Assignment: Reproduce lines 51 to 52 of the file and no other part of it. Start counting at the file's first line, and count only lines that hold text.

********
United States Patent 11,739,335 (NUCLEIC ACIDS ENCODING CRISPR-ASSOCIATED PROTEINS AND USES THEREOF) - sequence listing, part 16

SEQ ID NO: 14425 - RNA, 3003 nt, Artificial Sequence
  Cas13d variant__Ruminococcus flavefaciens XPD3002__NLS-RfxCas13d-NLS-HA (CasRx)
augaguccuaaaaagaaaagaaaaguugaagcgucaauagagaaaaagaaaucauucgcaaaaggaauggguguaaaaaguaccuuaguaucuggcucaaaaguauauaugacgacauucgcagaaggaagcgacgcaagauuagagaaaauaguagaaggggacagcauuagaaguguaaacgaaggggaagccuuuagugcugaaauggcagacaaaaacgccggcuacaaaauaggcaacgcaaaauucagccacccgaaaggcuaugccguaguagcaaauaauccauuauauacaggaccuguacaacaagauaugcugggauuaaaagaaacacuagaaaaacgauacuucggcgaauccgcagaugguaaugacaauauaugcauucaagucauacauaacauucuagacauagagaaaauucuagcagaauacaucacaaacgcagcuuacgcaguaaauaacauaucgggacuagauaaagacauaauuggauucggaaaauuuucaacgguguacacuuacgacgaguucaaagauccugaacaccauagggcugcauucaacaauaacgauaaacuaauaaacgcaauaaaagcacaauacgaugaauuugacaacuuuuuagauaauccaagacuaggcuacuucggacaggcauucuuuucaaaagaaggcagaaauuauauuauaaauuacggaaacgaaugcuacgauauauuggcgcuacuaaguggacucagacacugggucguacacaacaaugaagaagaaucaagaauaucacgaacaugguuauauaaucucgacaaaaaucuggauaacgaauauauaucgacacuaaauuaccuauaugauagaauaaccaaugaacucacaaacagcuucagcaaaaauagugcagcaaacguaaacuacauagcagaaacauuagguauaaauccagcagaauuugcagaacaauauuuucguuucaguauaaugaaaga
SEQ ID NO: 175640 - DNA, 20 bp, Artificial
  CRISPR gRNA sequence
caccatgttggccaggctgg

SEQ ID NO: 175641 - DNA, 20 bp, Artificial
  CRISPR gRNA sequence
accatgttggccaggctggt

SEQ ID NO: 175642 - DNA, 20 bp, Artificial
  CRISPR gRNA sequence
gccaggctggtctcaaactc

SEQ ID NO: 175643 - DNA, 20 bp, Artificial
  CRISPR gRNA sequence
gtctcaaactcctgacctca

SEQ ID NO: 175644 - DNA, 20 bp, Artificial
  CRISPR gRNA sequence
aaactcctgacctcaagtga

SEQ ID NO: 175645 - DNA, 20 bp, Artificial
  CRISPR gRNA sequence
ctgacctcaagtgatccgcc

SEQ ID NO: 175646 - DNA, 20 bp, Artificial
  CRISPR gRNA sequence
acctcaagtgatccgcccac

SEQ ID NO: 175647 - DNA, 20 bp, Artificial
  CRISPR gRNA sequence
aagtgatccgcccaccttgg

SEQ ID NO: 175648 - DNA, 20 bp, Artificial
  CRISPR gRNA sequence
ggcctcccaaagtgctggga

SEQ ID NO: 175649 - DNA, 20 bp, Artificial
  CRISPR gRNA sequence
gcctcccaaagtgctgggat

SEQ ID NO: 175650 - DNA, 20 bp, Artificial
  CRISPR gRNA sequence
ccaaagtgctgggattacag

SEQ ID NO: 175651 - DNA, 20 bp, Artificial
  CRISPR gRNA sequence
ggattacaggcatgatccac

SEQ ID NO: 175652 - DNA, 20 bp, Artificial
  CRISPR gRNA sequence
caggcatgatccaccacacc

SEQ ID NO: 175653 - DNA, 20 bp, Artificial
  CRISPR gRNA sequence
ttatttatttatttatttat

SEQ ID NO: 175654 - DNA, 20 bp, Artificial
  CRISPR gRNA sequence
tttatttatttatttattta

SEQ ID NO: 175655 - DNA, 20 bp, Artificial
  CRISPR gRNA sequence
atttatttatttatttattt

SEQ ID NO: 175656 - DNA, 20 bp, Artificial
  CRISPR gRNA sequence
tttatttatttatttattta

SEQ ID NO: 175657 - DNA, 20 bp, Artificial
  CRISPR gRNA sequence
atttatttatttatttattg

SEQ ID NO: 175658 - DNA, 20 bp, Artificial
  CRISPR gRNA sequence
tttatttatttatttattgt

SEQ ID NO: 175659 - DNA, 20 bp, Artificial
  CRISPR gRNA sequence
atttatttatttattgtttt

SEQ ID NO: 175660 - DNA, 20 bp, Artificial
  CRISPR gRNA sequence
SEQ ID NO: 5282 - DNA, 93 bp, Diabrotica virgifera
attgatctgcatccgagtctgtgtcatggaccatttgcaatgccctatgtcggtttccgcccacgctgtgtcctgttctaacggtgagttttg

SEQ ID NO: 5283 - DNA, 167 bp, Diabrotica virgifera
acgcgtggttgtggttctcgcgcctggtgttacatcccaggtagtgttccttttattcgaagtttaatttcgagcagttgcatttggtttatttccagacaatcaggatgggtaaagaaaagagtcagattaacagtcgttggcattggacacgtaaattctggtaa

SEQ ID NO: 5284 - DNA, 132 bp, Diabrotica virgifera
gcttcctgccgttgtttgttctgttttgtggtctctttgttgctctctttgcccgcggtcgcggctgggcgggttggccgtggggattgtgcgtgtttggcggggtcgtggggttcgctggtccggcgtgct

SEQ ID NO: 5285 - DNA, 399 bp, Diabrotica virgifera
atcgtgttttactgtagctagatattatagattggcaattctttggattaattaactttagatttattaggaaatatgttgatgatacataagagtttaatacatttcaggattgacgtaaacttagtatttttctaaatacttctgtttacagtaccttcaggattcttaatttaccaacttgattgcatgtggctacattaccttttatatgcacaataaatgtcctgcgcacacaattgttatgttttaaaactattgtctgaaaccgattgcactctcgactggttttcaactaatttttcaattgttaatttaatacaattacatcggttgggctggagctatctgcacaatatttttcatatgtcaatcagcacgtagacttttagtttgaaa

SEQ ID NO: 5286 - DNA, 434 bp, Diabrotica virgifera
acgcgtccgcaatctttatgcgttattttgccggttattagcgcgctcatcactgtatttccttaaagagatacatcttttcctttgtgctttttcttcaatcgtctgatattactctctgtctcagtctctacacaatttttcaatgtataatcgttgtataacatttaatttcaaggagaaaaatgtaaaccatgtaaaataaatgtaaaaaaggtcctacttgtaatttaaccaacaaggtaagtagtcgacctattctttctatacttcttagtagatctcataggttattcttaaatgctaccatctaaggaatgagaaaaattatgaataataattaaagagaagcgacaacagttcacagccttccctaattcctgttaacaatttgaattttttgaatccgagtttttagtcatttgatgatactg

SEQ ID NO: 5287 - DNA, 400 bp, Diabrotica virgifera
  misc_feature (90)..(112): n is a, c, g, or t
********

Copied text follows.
  CRISPR gRNA sequence
atttatttatttatttattt